Reflections From Studying Abroad
This blog post was written by Jessamine Von Arx, who participated in the IES Abroad Program – Emerging Economies: Buenos Aires & Santiago this past Spring…
Why do you think it is important for students to go abroad? The best way to understand people who are different than you is to travel. Coming to Babson as a transfer student, I was told it would be very difficult to go abroad and graduate on time. I made it a priority to figure out how to go. I believed going abroad for a semester was important because it challenges you and helps you learn about other cultures. Learning about people who are different than me has been priceless and has helped me be a better person. Studying abroad helped me realize those differences aren’t so different after all.
What was one of the biggest things you learned about yourself during your education abroad experience? I learned how resilient I am. I picked a program that was meant to challenge me. Some place where I didn’t speak the language, some place I had never been before, going with people I had never met, traveling within the program and living with host families. I was nervous but that is why I chose it! Pushing myself out of my comfort zone was a great decision. The difficult times made me stronger and good times felt even greater. I also learned how to lean more on my faith and on myself. I learned who I was. I didn’t have the perceptions of my friends or family around me so I had the chance to really figure out how I was going to deal with hardship. I feel lucky to have had that opportunity.
What was the most challenging issue you overcame during your education abroad experience? I went on a program with only a few people, ten to be exact. Having a small group had positives and negatives. I struggled to make friends abroad. I went to experience a new culture, eat good food and travel. My peers came for the nightlife and party scene. Being part of group where I didn’t enjoy the same activities as them was hard, especially at the beginning, but it ended up being a blessing. I ended up making friends with more locals. I got to do exactly what I wanted to do. I didn’t give into peer pressure when it would’ve been really easy to.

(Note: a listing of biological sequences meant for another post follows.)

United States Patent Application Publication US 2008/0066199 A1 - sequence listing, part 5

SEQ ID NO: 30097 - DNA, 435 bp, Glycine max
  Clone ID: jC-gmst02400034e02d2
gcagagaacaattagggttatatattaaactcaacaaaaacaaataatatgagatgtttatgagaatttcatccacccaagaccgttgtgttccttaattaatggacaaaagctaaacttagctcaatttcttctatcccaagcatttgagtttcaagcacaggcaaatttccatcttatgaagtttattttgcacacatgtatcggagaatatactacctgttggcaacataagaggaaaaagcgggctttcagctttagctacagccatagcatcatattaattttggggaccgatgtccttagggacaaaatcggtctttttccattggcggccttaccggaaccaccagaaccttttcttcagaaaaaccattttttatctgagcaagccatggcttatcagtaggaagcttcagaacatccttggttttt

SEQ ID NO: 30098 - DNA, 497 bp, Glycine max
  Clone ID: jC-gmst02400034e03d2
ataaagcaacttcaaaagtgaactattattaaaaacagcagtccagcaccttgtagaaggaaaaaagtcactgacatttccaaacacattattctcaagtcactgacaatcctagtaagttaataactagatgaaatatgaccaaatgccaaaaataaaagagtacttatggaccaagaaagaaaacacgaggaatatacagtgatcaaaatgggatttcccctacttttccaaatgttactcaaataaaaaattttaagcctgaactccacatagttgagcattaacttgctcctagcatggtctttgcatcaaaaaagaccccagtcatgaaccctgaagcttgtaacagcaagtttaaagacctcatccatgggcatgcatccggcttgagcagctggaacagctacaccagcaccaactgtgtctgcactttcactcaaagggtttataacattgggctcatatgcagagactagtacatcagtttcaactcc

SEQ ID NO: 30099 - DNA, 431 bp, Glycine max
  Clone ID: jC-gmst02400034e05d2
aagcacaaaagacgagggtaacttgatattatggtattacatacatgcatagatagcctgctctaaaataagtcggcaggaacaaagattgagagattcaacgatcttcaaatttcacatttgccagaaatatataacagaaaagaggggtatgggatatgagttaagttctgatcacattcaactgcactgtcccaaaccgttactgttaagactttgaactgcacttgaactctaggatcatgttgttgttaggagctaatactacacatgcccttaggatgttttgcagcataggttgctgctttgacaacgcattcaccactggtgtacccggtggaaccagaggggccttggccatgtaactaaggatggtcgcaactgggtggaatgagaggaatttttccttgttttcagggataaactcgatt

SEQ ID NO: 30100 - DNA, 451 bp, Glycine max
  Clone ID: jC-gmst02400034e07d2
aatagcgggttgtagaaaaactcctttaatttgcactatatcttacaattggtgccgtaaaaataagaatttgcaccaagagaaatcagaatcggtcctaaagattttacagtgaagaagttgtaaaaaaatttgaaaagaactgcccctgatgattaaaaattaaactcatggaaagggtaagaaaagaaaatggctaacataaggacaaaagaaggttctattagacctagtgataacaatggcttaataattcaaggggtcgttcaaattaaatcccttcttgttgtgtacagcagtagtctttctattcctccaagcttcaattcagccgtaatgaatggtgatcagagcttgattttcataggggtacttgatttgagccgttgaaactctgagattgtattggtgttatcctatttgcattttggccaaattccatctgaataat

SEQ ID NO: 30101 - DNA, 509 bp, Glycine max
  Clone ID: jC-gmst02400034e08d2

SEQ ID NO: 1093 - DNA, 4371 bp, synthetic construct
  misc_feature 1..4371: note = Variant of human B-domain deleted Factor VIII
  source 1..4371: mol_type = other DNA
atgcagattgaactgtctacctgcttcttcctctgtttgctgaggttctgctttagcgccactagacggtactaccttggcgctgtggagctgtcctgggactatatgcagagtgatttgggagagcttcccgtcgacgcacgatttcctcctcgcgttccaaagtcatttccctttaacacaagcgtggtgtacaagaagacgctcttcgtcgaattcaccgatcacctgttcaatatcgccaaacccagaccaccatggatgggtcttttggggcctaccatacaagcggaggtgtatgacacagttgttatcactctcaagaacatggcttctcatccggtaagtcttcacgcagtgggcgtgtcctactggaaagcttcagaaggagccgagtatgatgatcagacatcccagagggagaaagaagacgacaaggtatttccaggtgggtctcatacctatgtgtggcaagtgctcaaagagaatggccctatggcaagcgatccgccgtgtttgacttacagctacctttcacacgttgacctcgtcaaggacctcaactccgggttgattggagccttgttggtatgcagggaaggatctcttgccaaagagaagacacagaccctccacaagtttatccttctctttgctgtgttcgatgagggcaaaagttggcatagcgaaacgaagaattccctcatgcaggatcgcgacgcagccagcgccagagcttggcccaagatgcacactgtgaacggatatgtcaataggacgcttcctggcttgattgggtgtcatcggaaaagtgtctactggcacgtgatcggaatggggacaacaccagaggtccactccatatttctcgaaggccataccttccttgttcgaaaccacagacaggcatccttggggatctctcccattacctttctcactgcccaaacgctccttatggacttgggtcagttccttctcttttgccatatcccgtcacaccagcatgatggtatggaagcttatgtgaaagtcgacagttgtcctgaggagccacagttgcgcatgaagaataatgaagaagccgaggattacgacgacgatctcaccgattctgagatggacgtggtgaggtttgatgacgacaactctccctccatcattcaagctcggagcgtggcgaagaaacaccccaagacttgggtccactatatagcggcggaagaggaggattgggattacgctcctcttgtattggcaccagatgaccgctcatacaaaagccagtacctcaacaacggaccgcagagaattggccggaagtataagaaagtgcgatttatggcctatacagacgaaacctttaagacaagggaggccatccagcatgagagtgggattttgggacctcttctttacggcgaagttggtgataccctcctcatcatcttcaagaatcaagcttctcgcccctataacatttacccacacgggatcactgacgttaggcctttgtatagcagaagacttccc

What surprised you most about the culture of your host country? I was most surprised by how the cultures I visited where very patriarchal. The whistling and looks were annoying and hard to get used to but it made me appreciate home. Though we still have a long way to go in the states, being in a society where most women still don’t work and men grabbing at you is normal made me realize how lucky I am. It also made me more passionate about wanting to spread feminism abroad.
How do you think your experience abroad will shape your future decisions and goals? I’ve always wanted to work for a nonprofit organization working with hunger, homelessness or education. Coming to Babson, it is easy to get attached to corporate companies instead. Going abroad, especially to a poorer country, reminded me of why I wanted to work to fight hunger and homelessness. Now, it is a goal of mine again to work for a nonprofit organization.
If you had to share one moment during your time abroad that was particularly influential, what would it be? When I was choosing a study abroad program, I really wanted to feel as if I was truly living in a city. To me, that meant I wouldn’t be in a homestay. I ended up picking a program that only had the option of a homestay. At first, I was bummed and wanted to be able to live on my own. But this was the most influential and beneficial part of my time abroad. Having a host mom gave me the opportunity to practice my Spanish, tell me her opinions on history and politics, show me the unknown gems of the city and to have a companion when I was homesick. I got a deeper and more meaningful experience because of the relationship I got to have with my host mom. It wasn’t always easy to understand her or to live with someone I had never met before but, those challenges helped me grow. I am so thankful for my host mom.
Many students feel like they cannot afford to go abroad. If comfortable, please talk about how you paid for your abroad experience? Did you get scholarships/grants? I was worried about money abroad as well but I soon figured out I spent less to go abroad than I would’ve to stay at Babson. Because however you pay for Babson tuition (grants, loans etc.) stays the same, you just need to focus on housing, food and flights. Going to South America gave me the opportunity to have very affordable housing and meals (especially in Santiago, Chile) and by searching on momondo.com for good flight deals, I came out ahead. The only thing is I lost was not being able to make money. This was hard for me but if you plan far enough ahead, you should be able to save from jobs and internships and cover the costs you incur.